Based on the current understanding of physics this is truly random. With a given sample of a radioactive isotope we know that half will decay within a given time period, but we do not know which half, and a good portion of quantum theory suggests that there’s no way to know which half.

Prior to decay two atomic nuclei are, at the limit of our understanding of physics, identical. There’s nothing to indicate that one has a shorter timer until decay than the other.

So you have all these atoms all through the universe that can spontaneously, and unpredictably, change into another (predictable) element, while simultaneously ejecting either aN alpha particle (a new helium nucleus) or a beta particle (an electron) along with some intensity of an electromagnetic wave. If it’s part of a molecule the chemistry of the molecule will radically change, and any atoms hit by the high energy helium nucleus or electron can also be changed too.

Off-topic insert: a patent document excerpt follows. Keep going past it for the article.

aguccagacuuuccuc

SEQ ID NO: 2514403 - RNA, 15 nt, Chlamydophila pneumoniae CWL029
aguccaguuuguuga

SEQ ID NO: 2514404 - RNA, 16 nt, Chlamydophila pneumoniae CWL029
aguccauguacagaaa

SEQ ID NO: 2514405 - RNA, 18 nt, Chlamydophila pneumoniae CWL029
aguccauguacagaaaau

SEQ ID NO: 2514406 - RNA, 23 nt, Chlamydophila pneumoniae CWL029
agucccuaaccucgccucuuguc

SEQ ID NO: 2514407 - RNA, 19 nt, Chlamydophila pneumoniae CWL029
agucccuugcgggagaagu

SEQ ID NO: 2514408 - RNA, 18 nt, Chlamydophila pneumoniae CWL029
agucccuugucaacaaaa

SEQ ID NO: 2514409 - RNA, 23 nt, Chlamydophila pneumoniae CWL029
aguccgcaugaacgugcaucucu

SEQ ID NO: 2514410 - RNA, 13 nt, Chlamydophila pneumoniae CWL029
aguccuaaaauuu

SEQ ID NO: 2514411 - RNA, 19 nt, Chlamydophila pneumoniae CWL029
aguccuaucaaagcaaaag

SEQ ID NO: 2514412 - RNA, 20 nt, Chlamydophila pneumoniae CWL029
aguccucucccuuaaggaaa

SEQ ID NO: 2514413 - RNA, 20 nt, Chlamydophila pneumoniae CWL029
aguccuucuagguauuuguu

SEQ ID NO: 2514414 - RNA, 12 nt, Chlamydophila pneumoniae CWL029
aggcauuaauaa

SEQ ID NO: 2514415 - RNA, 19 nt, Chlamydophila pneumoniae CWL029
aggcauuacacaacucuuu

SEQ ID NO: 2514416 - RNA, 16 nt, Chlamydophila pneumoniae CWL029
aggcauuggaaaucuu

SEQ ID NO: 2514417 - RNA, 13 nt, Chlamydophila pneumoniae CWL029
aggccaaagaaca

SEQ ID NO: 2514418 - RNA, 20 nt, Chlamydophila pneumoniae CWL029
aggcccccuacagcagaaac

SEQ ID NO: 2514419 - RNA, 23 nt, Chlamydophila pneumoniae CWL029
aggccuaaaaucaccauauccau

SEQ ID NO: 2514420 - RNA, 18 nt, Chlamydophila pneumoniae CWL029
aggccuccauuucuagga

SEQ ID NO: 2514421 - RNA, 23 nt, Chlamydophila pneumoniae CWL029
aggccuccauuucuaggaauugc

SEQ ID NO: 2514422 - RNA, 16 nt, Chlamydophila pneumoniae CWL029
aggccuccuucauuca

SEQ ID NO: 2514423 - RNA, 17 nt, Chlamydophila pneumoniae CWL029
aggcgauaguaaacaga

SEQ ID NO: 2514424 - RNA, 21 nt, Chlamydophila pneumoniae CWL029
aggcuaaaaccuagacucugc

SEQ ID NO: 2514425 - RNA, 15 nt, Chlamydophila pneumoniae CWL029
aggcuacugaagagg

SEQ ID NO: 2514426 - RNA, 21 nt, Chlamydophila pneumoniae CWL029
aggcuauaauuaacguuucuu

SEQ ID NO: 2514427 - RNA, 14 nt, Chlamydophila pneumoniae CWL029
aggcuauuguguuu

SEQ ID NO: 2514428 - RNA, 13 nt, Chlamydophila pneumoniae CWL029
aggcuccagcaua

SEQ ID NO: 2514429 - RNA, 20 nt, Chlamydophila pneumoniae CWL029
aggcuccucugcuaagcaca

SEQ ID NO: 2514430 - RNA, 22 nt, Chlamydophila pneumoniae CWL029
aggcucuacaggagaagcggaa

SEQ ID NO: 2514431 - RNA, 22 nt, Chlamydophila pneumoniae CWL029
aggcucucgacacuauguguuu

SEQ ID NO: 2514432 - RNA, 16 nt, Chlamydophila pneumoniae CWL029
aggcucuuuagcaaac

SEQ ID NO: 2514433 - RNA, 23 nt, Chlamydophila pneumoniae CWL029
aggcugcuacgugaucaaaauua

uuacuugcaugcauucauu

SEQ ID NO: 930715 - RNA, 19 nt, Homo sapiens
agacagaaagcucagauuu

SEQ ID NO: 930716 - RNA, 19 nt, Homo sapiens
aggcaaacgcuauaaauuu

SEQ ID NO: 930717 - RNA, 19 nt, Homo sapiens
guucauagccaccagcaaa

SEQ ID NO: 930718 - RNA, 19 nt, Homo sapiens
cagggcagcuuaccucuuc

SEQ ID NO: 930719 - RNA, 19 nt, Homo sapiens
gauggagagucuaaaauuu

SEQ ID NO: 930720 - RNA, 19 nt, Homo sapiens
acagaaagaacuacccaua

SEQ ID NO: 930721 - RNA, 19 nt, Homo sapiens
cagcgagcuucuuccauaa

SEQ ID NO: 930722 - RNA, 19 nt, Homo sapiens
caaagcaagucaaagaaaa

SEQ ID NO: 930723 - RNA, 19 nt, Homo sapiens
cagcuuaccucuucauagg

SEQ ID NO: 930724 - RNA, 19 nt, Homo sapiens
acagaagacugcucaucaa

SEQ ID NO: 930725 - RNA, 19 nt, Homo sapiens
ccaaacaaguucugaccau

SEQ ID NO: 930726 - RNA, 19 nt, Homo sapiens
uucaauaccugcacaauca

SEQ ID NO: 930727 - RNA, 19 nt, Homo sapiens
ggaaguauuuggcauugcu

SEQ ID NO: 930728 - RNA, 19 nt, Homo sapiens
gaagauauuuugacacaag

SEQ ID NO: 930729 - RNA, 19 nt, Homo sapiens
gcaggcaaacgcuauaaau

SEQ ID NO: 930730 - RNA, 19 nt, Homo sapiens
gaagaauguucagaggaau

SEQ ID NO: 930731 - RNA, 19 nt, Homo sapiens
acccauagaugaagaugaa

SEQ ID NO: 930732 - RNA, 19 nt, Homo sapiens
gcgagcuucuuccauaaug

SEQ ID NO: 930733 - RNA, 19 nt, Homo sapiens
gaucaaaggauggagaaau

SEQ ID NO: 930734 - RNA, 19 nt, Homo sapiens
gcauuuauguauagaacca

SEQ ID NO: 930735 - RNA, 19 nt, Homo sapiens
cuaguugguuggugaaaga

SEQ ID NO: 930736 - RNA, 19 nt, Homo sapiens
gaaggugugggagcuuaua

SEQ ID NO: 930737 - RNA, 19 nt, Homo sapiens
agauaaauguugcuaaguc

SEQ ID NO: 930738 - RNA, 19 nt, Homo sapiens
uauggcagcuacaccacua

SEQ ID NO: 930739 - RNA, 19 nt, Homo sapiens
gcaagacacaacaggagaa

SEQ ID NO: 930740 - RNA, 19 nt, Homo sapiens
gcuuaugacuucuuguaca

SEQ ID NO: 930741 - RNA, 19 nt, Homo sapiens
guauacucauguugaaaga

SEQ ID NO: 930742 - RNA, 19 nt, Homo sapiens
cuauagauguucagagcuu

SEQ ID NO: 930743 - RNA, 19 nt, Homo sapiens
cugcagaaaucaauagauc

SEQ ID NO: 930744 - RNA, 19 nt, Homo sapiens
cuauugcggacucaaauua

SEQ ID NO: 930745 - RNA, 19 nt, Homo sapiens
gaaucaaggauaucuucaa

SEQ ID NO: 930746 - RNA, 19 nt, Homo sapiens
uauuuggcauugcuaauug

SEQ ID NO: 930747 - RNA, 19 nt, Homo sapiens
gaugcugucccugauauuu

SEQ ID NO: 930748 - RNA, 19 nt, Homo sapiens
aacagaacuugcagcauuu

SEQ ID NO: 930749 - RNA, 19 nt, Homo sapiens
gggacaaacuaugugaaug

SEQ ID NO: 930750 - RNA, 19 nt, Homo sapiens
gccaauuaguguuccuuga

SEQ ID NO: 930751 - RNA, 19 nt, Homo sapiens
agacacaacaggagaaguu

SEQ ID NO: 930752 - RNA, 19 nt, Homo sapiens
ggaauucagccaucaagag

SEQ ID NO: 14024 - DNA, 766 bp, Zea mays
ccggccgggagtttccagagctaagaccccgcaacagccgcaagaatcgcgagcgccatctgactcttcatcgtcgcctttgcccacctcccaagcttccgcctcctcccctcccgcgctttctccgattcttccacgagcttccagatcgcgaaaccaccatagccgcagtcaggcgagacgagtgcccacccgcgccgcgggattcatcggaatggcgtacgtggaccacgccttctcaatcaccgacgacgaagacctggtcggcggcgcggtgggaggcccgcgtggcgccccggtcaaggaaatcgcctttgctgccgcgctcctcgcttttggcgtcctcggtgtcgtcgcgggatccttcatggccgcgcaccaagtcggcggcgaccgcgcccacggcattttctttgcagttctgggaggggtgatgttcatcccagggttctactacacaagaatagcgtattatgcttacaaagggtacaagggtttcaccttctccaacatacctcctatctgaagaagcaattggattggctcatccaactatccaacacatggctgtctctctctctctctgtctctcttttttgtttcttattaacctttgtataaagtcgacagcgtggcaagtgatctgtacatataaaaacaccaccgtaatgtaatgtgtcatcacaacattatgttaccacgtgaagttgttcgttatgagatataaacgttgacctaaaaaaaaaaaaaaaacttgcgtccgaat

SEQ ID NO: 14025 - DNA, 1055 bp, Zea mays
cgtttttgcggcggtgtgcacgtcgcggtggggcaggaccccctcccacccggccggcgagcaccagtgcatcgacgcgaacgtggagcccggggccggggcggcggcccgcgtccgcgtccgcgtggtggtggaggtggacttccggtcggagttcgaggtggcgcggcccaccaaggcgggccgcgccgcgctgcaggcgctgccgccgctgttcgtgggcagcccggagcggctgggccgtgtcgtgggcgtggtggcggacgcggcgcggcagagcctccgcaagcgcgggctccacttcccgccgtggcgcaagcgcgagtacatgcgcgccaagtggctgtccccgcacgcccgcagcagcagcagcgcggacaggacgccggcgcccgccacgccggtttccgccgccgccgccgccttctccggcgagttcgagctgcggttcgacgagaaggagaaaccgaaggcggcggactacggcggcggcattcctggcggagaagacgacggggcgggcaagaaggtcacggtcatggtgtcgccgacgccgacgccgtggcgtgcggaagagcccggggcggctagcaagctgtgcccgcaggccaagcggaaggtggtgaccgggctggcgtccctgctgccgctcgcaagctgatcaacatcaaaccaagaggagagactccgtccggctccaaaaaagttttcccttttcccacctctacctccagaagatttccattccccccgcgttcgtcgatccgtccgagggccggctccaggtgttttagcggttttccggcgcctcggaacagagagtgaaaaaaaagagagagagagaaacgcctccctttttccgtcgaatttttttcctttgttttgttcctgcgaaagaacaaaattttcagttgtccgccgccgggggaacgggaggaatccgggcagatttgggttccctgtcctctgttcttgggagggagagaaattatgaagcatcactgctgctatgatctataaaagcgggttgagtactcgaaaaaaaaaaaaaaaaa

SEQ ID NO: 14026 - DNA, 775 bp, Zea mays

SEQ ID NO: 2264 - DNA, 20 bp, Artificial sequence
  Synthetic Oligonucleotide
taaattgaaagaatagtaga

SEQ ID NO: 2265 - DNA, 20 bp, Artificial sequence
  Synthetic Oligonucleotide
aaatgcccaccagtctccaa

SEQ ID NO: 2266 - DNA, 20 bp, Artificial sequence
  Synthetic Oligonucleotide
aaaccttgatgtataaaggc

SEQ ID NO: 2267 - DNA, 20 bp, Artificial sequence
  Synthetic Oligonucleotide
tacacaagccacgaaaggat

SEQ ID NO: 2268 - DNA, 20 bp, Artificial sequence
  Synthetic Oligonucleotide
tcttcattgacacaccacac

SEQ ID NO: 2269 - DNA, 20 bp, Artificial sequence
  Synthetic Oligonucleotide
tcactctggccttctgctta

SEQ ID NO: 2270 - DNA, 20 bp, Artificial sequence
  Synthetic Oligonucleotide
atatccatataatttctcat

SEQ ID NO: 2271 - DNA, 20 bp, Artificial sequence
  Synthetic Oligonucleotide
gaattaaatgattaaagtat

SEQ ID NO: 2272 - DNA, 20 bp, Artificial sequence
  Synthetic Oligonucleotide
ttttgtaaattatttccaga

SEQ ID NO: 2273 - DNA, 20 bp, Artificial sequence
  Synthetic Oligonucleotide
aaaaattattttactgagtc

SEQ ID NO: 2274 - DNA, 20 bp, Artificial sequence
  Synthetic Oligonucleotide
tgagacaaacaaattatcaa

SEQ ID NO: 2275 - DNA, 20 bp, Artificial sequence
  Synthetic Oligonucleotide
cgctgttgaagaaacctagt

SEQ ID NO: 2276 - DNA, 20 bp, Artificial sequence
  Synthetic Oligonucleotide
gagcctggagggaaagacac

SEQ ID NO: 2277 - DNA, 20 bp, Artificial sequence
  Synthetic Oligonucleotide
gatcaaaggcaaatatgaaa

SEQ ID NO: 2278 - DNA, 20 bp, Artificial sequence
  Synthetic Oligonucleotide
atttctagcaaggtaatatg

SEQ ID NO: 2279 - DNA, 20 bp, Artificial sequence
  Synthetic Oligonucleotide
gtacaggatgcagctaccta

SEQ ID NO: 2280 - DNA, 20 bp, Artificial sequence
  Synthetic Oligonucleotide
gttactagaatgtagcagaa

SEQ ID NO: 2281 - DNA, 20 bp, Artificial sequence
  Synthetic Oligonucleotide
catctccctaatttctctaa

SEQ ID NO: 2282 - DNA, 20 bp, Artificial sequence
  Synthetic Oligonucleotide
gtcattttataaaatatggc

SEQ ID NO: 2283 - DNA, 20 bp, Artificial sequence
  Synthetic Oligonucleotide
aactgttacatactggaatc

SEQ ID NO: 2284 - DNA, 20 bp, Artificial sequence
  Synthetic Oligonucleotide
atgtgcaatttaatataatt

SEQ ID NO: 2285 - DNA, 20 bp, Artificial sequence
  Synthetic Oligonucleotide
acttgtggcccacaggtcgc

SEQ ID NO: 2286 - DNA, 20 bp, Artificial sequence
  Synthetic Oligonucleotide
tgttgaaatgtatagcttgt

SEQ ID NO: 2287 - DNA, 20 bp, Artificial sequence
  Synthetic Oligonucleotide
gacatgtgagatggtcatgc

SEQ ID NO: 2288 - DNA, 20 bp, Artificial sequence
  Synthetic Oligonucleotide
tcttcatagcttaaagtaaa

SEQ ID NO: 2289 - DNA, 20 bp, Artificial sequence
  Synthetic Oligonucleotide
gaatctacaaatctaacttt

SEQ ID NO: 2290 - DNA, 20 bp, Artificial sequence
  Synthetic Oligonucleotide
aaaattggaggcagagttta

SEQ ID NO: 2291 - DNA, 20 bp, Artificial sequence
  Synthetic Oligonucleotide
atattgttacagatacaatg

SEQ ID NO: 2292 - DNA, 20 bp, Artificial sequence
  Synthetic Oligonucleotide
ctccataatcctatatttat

If those atoms were doing something important, for example were the DNA of a cell or they could be the tipping point of a cancer developing, or possibly be the factor in a DNA change that leads to a mutation in the species offspring going forward.

It’s not enough to know just the laws of physics, you need to know the exact position and movement of every individual physical piece of the system. This is actually impossible, due to the uncertainty principle attributed to Werner Heisenberg. The more you know about an object’s position, the less *you are able to* know about its motion, and vice versa.